Facilities Management Implementations Expose Data Gaps

The promise of the latest Facilities Management (FM) software is an exciting one of reduced asset and space management costs, increased productivity and a better-managed asset lifecycle.  One downside of implementing new technology is that it increases productivity in one area and exposes or exacerbates bottlenecks or gaps in data or processes in another.  Facilities management implementations have an Achilles’ heel called data. When data and as-built information are complete, reliable, and accurate then the process moves forward and the promises of a perfect FM world are fulfilled.  Sadly like unicorns and mermaids, perfect data and accurate as-builts are a myth.

According to industry sources, over 80% of organizations working on an FM software implementation have data that can’t be verified and almost 50% of them have to start from scratch.  Organizations that have not anticipated this are now forced to gather the as-built information and data needed.  Most resort to a completely manual method of measuring, photographing, and drawing the as-built information and floor plans, and adding the data in preparation for the FM integration.  This manual method introduces yet more problems due to human error in the form of missing, inaccurate, or incomplete data.  Additionally, this manual method is very time-consuming and expensive, resulting in a stalled implementation, budget overruns, or a complete failure of the project.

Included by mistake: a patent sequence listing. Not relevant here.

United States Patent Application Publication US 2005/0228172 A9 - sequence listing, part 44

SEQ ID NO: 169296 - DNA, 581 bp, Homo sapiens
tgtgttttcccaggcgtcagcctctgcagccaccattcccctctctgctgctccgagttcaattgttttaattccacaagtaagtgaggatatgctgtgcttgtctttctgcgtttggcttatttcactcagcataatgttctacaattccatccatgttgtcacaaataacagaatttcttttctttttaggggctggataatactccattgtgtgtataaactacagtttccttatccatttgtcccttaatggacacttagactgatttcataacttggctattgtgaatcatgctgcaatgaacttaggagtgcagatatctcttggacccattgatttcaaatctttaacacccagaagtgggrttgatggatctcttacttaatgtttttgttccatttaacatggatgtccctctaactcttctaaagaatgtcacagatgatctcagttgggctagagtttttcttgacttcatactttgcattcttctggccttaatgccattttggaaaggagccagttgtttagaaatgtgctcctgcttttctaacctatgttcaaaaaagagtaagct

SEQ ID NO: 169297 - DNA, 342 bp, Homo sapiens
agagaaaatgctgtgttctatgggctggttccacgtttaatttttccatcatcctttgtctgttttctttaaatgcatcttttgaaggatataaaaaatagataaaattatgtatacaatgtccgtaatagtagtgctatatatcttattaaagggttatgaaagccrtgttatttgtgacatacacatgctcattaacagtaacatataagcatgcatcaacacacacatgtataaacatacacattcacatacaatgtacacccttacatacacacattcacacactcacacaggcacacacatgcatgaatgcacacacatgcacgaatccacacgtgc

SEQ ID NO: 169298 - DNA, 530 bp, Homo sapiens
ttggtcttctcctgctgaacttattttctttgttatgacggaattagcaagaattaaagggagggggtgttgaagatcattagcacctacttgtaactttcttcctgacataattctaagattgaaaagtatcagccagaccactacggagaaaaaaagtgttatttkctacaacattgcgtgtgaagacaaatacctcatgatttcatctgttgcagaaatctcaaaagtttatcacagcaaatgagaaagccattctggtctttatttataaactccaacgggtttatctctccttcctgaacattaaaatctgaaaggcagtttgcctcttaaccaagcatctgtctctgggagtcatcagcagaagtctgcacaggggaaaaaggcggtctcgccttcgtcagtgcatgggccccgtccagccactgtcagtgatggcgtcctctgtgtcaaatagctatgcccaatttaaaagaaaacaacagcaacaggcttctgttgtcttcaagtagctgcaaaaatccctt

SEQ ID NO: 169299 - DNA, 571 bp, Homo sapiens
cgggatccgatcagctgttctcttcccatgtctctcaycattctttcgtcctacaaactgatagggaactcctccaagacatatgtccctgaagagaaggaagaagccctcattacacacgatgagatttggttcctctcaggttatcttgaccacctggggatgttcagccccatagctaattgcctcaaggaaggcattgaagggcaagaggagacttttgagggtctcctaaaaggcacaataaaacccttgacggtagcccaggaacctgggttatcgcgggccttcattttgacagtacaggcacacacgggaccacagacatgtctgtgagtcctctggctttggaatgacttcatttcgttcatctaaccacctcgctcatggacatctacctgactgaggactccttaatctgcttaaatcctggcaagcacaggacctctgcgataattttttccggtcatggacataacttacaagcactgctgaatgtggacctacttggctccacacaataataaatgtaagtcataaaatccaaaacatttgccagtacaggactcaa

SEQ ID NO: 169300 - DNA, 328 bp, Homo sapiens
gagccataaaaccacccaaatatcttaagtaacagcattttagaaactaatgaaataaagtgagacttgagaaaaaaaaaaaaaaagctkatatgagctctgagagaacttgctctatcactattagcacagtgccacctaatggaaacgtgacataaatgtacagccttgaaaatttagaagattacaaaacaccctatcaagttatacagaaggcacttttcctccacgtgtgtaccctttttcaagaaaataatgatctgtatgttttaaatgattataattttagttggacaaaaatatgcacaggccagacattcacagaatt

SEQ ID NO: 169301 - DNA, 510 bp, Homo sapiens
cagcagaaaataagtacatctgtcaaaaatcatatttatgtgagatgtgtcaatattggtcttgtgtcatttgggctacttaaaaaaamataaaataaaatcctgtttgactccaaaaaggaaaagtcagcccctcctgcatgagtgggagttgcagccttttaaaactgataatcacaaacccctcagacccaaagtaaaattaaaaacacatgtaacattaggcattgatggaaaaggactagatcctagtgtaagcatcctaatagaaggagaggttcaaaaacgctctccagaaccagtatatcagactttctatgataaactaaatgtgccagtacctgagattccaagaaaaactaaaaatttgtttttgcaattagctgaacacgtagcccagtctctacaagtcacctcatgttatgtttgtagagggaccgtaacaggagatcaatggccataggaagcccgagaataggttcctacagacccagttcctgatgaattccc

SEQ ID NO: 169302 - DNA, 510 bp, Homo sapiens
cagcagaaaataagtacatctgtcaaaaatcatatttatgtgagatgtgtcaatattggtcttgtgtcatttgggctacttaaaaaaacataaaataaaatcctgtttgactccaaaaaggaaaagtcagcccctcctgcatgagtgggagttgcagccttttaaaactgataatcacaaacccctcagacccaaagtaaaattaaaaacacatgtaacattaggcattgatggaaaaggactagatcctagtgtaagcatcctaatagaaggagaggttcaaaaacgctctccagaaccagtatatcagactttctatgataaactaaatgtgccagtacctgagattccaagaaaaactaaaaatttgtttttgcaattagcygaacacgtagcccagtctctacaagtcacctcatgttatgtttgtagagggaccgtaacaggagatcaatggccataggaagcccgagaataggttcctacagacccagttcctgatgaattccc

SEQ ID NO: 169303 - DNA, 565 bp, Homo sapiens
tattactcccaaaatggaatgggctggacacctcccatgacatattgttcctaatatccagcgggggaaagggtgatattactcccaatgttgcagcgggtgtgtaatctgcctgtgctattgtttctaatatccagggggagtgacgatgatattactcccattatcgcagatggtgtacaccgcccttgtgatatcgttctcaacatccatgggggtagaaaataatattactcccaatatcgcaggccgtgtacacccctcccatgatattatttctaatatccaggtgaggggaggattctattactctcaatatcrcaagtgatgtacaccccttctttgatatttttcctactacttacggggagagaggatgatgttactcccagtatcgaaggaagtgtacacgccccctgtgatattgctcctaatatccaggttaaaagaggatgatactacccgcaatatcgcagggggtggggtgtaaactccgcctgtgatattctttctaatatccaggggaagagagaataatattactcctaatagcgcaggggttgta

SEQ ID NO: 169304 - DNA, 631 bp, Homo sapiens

The solution to this almost insurmountable problem is using the latest laser scanning and BIM technologies and workflows.  Laser scanning has come a long way in recent years and has transformed from a luxury that was useful only to those with access to a large budget to become an affordable tool for almost any project.  Today, laser scanning is a cost-effective and accurate means of gathering and documenting the as-built conditions and floor plans quickly, accurately, and completely.  Additionally, it is much less expensive than unreliable manual methods.

For example, an organization was beginning, with no accurate as-built information, on a project involving a 50,000 ft2 nursing and assisted living facility.   After their initial assessment of the project requirements, they determined that it would take 3 people at least 2 weeks to document and verify the existing conditions and even then they were not confident that the data would be complete and accurate.  By utilizing the laser scanning workflow, they were able to reduce the project from 6 person-weeks of work to 3 days, and provide a significant time and cost savings.  The end result was accurate and complete as-builts at less than half the cost and 5x faster.

Laser scanning is a simple and scalable process that lends itself to working with small, single-floor projects or an entire campus.  The level of detail is entirely dependent on the individual project and FM implementation requirements, providing information as simple as 2D floorplans for space planning all the way to complete 3D building information models (BIM). Laser Scanning is a cost-effective solution to kick-start a Facilities Management implementation.

By Eric Scott
Eric is a senior process and design consultant for the AEC and manufacturing industries.